So who is the immediate customer for the Galaxy Tab Iris? Don't all rush, because it is not for you and m -- yet. Public service departments who may want to authenticate beneficiaries with minimum delay are the obvious users. But there are other scenarios: rapid insurance claim settlements; preventing ghost mobile phone subscribers, quick clearance at airport immigration, preventing impersonation in examination halls, rapid opening of bank accounts at the customer's home.....you name it. At Rs 13,499, the tablet is reasonably priced for such a path breaking technology.

 Iris scanners on devices like phones and laptops are not new. Microsoft launched two Lumia phones -- 950 and 950 XL -- last October with inbuilt iris scanners which helped owners unlock their phones using its Windows 'Hello' feature. But such applications are trivial compared to what was showcased last week -- and when it trickles down from being an enterprise tool to a consumer accessory -- that'll be the revolution. Consider, you could, from the comfort of your home, self-scan your iris -- and initiate a payment or a document like a passport without physical appearance. This is the ultimate selfie on steroids!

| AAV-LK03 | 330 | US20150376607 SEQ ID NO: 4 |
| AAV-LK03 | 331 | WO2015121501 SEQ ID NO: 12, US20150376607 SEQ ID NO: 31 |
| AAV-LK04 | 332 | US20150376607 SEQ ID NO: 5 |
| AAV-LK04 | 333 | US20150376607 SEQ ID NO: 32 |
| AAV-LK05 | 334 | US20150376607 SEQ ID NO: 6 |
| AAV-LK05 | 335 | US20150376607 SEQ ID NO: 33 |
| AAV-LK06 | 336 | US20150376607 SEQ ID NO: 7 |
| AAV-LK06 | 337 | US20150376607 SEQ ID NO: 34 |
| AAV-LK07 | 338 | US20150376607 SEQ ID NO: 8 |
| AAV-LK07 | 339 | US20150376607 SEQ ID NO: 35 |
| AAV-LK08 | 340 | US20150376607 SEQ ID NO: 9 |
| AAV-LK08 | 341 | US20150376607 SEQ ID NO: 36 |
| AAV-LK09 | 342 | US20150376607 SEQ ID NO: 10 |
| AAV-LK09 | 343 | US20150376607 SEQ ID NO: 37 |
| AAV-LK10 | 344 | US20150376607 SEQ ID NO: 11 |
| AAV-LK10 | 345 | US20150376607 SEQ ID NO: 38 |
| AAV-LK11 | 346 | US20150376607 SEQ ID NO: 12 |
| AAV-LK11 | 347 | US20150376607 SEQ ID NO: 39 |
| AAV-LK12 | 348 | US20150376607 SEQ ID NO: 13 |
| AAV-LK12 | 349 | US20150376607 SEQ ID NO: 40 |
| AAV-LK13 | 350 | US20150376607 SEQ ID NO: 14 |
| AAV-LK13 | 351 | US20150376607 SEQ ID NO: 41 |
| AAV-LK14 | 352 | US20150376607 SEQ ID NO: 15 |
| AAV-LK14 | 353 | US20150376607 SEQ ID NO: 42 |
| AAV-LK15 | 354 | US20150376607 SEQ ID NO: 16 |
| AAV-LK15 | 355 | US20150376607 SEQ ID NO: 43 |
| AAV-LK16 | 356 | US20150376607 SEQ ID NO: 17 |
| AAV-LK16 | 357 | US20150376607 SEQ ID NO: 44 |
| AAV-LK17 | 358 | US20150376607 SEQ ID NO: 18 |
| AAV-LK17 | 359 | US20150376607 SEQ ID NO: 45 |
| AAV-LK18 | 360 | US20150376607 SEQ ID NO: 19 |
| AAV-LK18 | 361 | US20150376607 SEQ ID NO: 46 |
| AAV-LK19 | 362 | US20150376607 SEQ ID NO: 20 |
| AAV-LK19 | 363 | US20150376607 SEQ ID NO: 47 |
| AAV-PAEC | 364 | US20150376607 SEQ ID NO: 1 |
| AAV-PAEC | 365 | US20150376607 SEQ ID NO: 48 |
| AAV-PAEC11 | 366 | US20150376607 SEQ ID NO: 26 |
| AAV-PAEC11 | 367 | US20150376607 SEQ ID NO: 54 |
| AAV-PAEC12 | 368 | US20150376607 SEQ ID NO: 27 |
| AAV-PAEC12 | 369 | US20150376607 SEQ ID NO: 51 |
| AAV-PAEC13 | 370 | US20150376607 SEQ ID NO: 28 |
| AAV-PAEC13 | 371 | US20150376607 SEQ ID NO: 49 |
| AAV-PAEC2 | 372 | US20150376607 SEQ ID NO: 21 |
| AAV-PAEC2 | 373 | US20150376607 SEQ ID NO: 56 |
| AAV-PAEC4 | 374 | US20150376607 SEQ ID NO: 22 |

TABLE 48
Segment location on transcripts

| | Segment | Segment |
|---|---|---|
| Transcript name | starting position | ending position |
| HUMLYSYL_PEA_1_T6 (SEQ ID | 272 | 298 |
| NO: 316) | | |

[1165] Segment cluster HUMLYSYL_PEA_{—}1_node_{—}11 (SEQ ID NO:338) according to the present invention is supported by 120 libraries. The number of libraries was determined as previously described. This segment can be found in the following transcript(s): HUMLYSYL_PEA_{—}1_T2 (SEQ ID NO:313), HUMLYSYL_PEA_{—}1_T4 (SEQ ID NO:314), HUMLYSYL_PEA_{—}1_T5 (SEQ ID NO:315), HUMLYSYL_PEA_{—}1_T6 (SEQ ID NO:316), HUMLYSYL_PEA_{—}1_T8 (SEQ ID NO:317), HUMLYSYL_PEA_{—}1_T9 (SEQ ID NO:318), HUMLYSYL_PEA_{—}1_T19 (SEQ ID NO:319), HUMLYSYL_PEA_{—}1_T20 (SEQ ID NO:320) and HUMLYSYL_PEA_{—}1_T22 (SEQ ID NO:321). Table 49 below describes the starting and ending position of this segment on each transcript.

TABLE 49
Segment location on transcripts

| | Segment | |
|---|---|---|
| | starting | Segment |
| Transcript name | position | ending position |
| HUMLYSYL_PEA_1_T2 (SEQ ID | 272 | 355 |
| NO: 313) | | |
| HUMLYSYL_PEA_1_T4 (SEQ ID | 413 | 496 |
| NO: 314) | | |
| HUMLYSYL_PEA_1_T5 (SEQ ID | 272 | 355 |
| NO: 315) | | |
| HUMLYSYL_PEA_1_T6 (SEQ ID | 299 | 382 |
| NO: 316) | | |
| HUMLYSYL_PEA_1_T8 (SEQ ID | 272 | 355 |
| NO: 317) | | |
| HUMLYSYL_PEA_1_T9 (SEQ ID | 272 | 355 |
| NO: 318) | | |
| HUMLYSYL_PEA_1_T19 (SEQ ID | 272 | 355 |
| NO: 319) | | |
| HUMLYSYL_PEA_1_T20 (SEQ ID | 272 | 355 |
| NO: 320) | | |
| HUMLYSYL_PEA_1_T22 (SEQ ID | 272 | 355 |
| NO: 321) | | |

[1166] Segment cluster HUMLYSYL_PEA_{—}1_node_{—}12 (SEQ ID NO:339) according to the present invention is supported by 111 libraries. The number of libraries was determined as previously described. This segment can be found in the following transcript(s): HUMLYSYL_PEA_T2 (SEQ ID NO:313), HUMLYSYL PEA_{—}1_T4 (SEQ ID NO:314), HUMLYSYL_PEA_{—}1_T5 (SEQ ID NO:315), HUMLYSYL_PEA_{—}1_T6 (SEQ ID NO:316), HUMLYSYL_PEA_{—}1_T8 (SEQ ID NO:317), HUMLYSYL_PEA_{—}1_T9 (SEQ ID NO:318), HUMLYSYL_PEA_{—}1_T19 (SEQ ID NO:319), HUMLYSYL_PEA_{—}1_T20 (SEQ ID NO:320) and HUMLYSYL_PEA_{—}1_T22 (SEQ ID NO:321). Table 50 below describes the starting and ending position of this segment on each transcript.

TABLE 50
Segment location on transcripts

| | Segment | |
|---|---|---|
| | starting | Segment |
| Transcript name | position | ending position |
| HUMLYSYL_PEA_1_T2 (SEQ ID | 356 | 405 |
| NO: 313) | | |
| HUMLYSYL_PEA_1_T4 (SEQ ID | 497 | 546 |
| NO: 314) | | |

'Look into my eyes... and when you find me there, you'll search no more', sang Bryan Adams in another era on the sound track of the film 'Robin Hood: Prince of Thieves'. Some lyrics can be so prescient -- in ways their writers never imagined.

Iris Scanning: Infallible
The iris scanner is built around a digital camera that uses visible and Infra Red light. By shining IR into the eye, it renders the pupil very black, making it easy to isolate the iris. It then locates the centre and edge of the pupil, the edge of the iris and the eyelid and eyelashes.

Together these factors provide 200 points of reference against around 70 when you take a fingerprint. While fingerprints degrade especially when the subject does manual labour, eyes remain unchanged even after surgery. The blind too, have an iris. The chance of mistaking one person's iris for another's has been rated as one chance in 10 raised to the power 78 -- or virtually nil. Glasses or contact lenses won't affect the scan. (Source: How Stuff Works)